Adolescent Health Awareness Program
Adolescents, at 1.54 billion, are 1/5th of the world’s population. 85% of the adolescent population live in developing nations. In India, adolescents contribute to 23% of the total population, which is 243 million adolescents. This represents a huge opportunity that can transform the social and economic fortunes of the country. To enable adolescents to fulfil their potential, substantial investments must be made in education, health, development and other areas.
The Adolescent Health Awareness Program (AHP), takes inspiration from the Rashtriya Kishore Swasthya Karyakram (RKSK). RKSK is a health program launched by the Ministry of Health & Family Welfare for adolescents, in the age group of 10-19 years, which target adolescent nutrition, reproductive health and substance abuse. The key principle of this program is adolescent participation and leadership, inclusion, and gender equity. The program envisions to enable adolescents in India to realize their full potential by making informed and responsible decisions related to their health and well-being. The RKSK will comprehensively address the health needs of the 243 million adolescents of India. The key format in the way the program is implemented is community-based interventions through peer educators.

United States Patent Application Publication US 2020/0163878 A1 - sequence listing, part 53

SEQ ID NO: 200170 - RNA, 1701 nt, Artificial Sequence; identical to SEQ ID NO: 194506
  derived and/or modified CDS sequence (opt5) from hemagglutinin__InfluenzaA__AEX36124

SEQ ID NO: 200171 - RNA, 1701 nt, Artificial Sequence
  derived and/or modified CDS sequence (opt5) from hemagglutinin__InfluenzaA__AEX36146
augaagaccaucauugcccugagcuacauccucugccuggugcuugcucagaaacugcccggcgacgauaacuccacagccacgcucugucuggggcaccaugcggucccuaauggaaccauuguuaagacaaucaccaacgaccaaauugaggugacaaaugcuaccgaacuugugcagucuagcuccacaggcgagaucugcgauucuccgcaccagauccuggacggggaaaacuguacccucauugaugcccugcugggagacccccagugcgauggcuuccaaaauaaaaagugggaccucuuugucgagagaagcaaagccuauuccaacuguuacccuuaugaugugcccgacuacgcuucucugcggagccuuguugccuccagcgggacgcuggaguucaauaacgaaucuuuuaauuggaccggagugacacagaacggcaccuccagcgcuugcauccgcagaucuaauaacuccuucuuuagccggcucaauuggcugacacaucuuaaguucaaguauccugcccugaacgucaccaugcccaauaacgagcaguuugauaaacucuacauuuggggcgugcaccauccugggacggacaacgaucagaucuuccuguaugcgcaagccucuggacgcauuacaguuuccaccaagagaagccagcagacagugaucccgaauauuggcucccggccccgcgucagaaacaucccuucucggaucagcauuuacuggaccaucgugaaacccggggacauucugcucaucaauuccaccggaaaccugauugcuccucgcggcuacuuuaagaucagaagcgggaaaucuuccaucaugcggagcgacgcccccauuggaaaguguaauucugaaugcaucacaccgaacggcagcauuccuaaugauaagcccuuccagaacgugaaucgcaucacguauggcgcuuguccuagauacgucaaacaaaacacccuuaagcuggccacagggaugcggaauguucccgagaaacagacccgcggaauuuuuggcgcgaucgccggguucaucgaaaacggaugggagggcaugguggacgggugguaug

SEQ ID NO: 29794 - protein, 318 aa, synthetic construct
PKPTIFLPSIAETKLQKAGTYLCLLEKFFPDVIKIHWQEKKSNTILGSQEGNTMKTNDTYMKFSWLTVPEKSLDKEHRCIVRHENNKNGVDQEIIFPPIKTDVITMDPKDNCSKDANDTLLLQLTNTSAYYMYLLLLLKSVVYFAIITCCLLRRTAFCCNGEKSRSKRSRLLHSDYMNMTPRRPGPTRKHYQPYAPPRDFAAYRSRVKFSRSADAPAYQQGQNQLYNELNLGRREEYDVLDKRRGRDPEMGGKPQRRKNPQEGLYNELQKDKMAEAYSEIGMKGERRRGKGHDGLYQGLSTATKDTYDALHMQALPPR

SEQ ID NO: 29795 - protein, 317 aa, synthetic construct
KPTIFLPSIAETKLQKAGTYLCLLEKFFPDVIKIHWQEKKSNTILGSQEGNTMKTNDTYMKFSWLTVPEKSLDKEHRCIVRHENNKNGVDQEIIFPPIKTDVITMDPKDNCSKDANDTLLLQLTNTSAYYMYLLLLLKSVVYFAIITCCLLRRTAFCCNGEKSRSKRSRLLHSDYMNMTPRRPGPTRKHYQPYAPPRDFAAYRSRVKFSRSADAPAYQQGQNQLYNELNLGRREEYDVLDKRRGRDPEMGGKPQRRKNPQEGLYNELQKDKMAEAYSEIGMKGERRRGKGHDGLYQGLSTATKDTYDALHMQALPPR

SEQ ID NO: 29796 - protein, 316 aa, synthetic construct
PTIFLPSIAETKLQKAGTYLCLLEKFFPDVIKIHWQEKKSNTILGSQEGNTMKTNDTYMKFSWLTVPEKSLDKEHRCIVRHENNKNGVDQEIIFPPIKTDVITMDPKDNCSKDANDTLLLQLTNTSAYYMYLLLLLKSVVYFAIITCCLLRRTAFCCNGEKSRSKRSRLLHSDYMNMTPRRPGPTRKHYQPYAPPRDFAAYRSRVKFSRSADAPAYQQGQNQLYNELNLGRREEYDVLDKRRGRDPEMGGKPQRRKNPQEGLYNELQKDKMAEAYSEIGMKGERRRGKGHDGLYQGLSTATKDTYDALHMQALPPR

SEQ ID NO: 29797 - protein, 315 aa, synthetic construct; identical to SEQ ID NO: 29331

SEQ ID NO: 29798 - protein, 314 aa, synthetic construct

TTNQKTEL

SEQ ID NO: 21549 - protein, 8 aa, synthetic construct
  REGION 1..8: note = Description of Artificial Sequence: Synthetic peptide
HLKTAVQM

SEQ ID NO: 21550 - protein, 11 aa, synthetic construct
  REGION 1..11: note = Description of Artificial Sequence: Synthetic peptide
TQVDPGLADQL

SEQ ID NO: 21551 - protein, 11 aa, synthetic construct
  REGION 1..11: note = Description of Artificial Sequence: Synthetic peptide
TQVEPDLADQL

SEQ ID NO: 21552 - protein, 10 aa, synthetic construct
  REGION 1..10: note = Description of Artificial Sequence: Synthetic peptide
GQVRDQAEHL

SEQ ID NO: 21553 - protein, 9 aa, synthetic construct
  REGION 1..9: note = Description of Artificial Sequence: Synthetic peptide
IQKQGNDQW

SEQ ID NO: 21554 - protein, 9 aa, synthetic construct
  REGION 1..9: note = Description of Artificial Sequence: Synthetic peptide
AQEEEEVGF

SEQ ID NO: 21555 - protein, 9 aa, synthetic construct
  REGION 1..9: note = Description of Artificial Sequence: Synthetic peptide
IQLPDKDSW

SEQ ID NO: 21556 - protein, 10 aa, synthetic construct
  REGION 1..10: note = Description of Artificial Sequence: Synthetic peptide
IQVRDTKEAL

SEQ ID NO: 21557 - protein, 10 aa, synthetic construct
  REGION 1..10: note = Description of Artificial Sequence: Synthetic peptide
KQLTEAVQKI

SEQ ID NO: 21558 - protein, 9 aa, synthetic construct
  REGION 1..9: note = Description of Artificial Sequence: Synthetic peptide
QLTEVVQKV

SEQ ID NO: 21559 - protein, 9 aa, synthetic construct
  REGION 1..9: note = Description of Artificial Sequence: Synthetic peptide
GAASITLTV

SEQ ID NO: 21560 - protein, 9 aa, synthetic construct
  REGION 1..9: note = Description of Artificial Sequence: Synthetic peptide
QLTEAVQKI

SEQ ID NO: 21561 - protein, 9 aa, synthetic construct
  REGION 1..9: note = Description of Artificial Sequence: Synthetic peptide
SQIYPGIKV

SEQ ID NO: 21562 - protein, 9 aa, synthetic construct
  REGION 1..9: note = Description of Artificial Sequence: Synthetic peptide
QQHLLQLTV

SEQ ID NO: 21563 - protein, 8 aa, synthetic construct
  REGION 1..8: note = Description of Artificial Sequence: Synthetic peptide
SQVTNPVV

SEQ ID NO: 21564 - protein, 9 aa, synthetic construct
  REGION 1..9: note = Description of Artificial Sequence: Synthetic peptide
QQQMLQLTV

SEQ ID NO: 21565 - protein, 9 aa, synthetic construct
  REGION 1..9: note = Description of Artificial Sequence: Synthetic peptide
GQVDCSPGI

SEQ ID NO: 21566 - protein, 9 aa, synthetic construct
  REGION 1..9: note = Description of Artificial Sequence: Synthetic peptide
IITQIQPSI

We identified five key areas in which students needed to be educated. They are:
- Sexual and Reproductive Health
- Substance Misuse
- Mental Health
- Physical Health and Well Being
District & schools chosen:
The Adolescent Health Program will be implemented in the districts of Gautam Budh Nagar in Uttar Pradesh and RamNagara in Karnataka.
Number of beneficiaries: Total of 27,000 - Year 1, 52,500 in Year 2, 82,500 in Year 3
Adolescent Health Program (UNICEF supported) successfully made an impact in 50 schools across 15 mandals in Visakhapatnam District. Students now have better access to IFA tablets, sanitary napkins, and First Aid boxes. with the government providing them as a part of the program. School Management Committees were made aware of adolescent health issues in some schools and they have partially addressed facility needs of their respective schools. Dormant facilities were made use of to conduct sessions in schools and are ready for future use. In Phase II, YFS was able to connect the schools to funding organizations and catalyzed higher government authorities to solve problems in schools. Schools are now collaborating with NGOs and other sources of funding, apart from coordinating and cooperating with teachers, village elders, parents and government officials to best resolve various problems they face.